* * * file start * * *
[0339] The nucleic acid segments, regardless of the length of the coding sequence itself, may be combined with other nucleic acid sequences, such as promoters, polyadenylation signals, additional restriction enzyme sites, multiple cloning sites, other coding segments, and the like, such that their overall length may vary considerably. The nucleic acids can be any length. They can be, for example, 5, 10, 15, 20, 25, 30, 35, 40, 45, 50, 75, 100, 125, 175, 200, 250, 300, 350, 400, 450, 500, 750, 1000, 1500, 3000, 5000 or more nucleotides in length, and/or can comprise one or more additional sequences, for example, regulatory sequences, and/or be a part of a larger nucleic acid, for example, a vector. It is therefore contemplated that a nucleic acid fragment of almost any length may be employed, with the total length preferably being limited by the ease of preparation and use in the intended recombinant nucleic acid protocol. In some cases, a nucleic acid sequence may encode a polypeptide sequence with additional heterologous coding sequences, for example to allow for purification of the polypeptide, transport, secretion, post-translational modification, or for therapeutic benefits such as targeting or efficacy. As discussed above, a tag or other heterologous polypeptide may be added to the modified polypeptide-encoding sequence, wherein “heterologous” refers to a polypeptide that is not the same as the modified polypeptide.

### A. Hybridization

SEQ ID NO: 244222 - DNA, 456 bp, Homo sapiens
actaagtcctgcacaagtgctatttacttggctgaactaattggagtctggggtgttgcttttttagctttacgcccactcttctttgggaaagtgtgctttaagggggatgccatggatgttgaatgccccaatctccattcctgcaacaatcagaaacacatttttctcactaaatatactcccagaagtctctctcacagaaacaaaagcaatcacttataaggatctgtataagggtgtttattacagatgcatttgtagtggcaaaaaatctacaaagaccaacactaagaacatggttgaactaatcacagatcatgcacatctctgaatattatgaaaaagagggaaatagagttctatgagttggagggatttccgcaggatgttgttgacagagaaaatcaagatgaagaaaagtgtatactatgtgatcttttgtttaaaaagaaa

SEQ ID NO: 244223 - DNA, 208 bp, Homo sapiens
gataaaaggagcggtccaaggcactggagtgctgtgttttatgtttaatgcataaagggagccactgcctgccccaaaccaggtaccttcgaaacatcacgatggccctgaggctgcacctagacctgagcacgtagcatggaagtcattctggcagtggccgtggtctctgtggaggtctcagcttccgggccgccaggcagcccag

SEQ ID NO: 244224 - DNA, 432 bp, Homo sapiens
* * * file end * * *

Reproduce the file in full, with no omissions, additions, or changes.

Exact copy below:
[0339] The nucleic acid segments, regardless of the length of the coding sequence itself, may be combined with other nucleic acid sequences, such as promoters, polyadenylation signals, additional restriction enzyme sites, multiple cloning sites, other coding segments, and the like, such that their overall length may vary considerably. The nucleic acids can be any length. They can be, for example, 5, 10, 15, 20, 25, 30, 35, 40, 45, 50, 75, 100, 125, 175, 200, 250, 300, 350, 400, 450, 500, 750, 1000, 1500, 3000, 5000 or more nucleotides in length, and/or can comprise one or more additional sequences, for example, regulatory sequences, and/or be a part of a larger nucleic acid, for example, a vector. It is therefore contemplated that a nucleic acid fragment of almost any length may be employed, with the total length preferably being limited by the ease of preparation and use in the intended recombinant nucleic acid protocol. In some cases, a nucleic acid sequence may encode a polypeptide sequence with additional heterologous coding sequences, for example to allow for purification of the polypeptide, transport, secretion, post-translational modification, or for therapeutic benefits such as targeting or efficacy. As discussed above, a tag or other heterologous polypeptide may be added to the modified polypeptide-encoding sequence, wherein “heterologous” refers to a polypeptide that is not the same as the modified polypeptide.

### A. Hybridization

SEQ ID NO: 244222 - DNA, 456 bp, Homo sapiens
actaagtcctgcacaagtgctatttacttggctgaactaattggagtctggggtgttgcttttttagctttacgcccactcttctttgggaaagtgtgctttaagggggatgccatggatgttgaatgccccaatctccattcctgcaacaatcagaaacacatttttctcactaaatatactcccagaagtctctctcacagaaacaaaagcaatcacttataaggatctgtataagggtgtttattacagatgcatttgtagtggcaaaaaatctacaaagaccaacactaagaacatggttgaactaatcacagatcatgcacatctctgaatattatgaaaaagagggaaatagagttctatgagttggagggatttccgcaggatgttgttgacagagaaaatcaagatgaagaaaagtgtatactatgtgatcttttgtttaaaaagaaa

SEQ ID NO: 244223 - DNA, 208 bp, Homo sapiens
gataaaaggagcggtccaaggcactggagtgctgtgttttatgtttaatgcataaagggagccactgcctgccccaaaccaggtaccttcgaaacatcacgatggccctgaggctgcacctagacctgagcacgtagcatggaagtcattctggcagtggccgtggtctctgtggaggtctcagcttccgggccgccaggcagcccag

SEQ ID NO: 244224 - DNA, 432 bp, Homo sapiens